Kurup (2021), a Malayalam thriller starring Dulquer Salmaan, is a period film that deserves credit for a fine recreation of the 1980s Bombay, Madras & Persia and for good acting by the lead actors. Sadly, it has not been supported by a worthy screenplay, which was haphazard. I got a feeling I watched three films in the 155 minutes it ran. Kurup is available on Netflix, and it gets my Raw rating.
Dulquer has effortlessly carried the role of Kurup, which had multiple identities – first as a trainee Airman, then as the town’s rich man, and lastly as an international arms dealer. He was supported well by Sobhita Dhulipala as Sharadamma, Kurup’s love and wife.
The film starts when a Krishnadas, Deputy Superintendent of Kerala Police is retiring and his assistant, a young man finds an old case diary titled Kurup and reads it – the story is supposed to unfold from what’s written in it – it doesn’t, instead, it abruptly gets being narrated from the hero’s (Kurup’s) point-of-view. After the next 150 minutes, it suddenly comes back to Krishnadas’ perspective, near the end. I am at a loss why the film should’ve got presented this way.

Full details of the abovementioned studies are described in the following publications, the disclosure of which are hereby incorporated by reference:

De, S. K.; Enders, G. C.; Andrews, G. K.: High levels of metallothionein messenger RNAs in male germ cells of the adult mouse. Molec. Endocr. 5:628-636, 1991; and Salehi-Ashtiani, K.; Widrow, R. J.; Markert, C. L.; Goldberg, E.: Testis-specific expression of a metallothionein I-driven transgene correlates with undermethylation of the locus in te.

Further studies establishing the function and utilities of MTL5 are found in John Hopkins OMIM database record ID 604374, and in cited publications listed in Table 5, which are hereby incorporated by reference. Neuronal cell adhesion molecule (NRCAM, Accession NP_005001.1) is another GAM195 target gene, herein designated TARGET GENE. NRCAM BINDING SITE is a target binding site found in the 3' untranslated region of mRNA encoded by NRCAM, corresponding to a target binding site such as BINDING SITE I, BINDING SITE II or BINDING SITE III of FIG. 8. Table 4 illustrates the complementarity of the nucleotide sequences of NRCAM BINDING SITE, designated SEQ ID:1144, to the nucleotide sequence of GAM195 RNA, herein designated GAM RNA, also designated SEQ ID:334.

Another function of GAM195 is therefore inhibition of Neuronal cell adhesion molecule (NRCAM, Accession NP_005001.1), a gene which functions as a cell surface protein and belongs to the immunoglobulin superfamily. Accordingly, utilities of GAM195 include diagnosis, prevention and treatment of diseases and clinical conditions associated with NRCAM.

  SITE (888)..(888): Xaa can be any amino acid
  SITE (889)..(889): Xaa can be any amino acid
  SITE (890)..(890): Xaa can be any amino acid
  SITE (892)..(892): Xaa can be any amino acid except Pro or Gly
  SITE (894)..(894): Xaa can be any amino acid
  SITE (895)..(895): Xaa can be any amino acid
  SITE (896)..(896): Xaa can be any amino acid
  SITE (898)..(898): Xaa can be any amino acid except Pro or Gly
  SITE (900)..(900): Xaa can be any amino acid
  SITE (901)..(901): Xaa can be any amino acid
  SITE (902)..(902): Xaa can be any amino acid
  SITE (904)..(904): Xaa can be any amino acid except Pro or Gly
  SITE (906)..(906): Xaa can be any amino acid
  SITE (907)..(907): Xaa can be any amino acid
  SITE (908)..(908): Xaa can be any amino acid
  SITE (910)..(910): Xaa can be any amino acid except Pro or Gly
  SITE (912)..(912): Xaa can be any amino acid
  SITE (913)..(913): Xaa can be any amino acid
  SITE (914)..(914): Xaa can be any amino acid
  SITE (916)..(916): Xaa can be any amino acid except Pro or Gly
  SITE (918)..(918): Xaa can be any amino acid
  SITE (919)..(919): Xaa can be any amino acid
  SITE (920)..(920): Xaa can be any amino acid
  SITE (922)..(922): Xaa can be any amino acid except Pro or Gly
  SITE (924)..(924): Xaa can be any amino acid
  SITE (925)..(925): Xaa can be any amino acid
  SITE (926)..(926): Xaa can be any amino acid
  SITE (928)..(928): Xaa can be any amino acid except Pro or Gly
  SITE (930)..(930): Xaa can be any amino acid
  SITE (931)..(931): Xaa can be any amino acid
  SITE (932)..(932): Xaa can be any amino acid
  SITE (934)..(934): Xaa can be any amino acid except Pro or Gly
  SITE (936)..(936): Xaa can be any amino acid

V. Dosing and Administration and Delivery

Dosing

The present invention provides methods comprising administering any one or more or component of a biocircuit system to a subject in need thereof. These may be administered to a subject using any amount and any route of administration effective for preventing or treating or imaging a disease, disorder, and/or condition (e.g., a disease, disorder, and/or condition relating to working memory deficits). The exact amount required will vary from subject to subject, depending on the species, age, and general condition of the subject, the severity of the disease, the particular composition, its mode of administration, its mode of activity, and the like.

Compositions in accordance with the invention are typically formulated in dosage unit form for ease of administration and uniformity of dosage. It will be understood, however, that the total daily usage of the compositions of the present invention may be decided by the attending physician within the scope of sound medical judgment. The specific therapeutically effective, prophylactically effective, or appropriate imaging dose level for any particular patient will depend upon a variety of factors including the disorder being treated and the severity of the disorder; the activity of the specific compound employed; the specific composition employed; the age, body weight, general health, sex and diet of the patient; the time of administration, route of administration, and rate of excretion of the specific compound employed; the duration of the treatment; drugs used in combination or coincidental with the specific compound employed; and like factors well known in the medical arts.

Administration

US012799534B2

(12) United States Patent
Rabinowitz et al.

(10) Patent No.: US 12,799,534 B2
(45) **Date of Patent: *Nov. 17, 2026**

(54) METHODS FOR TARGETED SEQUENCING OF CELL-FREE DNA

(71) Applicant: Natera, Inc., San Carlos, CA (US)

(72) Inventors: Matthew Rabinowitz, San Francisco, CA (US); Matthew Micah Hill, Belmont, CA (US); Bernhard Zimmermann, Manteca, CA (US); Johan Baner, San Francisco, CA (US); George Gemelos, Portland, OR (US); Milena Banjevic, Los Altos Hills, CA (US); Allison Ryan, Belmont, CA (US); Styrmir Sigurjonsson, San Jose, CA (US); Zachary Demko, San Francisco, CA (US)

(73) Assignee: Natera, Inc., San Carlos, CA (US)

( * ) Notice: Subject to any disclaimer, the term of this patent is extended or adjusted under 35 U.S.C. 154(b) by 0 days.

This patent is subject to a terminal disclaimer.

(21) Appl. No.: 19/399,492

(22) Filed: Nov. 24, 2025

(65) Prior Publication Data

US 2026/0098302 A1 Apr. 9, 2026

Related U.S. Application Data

For no apparent reason, the film spends a huge amount of time in the Airforce training period of Kurup. The character of Sharadamma is shown to be a professional nurse, I was expecting this fact to get used by Kurup in his devious plot, but it was not to be, a wasted opportunity in my view. To list just two of the many logic gaps in the film: Is it so simple to fake a defence personnel’s death and fool the local police? How does a young storekeeper in Bombay’s Airforce, gets unfettered access to transport wartime arms?.
To conclude, you can watch this film if you don’t think much about a story.